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misadventure due to the neglect of a definite duty, but careless about those due to the absence of common philanthropy. Its callousness in this respect is painfully shown in the following quotations (Kenny, Outlines of Criminal Law, 1902, p. 121, per Hawkins in Reg. v. Paine, Times, February 25, 188o)

If I saw a man who was not under my charge, taking up a tumbler of poison, I should not be guilty of any crime by not stopping him. I am under no legal obligation to protect a stranger.

That is probably what the priest and the Levite of the parable said to themselves.

A still more emphatic example is in the Digest of Criminal Law, by Justice Sir James Stephen, 1887, p. 154. Reg. v. Smith, 2 C and P., 449

A sees B drowning and is able to help him by holding out his hand. A abstains from doing so in order that B may be drowned, and B is drowned. A has committed no offence.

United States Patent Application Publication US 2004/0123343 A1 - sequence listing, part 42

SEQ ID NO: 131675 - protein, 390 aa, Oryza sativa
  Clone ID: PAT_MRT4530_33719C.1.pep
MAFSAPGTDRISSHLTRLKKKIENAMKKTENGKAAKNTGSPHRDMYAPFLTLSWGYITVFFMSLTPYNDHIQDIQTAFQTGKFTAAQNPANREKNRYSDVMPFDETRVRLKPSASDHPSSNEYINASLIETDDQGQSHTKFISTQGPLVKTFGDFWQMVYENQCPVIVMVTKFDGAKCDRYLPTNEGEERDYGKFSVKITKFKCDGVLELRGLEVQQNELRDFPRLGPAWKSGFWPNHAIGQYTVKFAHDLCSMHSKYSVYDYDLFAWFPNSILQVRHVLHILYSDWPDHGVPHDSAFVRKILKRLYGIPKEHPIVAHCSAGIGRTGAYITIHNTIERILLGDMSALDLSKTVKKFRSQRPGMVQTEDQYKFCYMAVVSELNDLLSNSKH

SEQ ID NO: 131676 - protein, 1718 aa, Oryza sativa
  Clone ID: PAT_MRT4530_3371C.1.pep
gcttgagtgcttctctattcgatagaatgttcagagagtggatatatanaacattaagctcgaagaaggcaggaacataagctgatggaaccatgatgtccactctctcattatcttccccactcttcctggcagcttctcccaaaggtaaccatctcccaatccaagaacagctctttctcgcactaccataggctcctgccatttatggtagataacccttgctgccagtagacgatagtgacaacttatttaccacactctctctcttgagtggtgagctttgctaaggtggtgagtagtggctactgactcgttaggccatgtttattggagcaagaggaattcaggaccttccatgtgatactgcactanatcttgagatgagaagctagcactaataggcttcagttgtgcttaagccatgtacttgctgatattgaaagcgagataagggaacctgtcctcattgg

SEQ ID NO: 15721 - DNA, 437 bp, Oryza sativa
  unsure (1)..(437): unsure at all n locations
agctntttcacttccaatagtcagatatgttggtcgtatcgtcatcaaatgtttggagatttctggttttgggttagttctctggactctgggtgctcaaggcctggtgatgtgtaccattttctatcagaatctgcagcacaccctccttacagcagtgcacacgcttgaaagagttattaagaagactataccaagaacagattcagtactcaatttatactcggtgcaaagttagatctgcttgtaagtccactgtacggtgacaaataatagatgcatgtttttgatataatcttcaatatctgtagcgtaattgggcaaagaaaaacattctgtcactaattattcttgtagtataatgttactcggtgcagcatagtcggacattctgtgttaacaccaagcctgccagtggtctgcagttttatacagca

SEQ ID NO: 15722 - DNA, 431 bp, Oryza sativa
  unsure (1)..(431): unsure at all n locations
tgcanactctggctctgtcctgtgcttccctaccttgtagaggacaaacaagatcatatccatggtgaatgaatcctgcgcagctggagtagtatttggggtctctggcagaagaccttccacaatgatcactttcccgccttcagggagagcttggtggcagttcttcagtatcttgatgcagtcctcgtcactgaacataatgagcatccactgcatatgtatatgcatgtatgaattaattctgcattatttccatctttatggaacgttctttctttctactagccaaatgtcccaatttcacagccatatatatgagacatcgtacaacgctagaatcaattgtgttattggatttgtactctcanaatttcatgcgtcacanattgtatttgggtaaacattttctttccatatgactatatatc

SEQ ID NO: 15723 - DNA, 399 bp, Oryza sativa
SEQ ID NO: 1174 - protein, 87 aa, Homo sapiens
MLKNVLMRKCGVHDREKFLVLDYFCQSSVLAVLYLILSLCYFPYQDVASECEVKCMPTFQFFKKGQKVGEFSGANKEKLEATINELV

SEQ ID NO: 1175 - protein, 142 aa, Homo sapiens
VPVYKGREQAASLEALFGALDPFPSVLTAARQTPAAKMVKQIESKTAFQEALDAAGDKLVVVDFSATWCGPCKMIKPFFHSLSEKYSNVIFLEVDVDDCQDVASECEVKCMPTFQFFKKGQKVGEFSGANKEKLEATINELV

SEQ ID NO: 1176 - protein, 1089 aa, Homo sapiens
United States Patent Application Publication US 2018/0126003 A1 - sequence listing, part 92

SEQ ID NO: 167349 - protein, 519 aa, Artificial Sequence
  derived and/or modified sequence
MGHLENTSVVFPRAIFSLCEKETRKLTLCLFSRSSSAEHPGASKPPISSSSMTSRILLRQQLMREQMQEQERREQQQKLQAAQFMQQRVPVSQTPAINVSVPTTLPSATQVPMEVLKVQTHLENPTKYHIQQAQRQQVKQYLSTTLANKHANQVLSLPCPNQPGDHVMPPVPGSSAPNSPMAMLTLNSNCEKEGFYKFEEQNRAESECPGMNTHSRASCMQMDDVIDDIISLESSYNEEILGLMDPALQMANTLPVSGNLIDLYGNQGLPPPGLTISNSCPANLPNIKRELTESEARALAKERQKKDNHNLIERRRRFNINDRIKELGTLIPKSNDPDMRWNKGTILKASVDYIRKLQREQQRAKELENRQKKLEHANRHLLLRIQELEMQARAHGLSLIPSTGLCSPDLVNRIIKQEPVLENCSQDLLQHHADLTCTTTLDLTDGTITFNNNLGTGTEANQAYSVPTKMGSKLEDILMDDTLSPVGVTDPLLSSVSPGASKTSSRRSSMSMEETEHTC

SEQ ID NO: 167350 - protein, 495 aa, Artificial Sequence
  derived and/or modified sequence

It appears, from a footnote, that this case has been discussed in a striking manner by Lord Macaulay in his notes on the Indian Penal Code, which I have not yet been able to consult.

Enough has been written elsewhere by myself and others to show that whenever public opinion is strongly roused it will lead to action, however contradictory it may be to previous custom and sentiment. Considering that public opinion is guided by the sense of what best serves the interests of society as a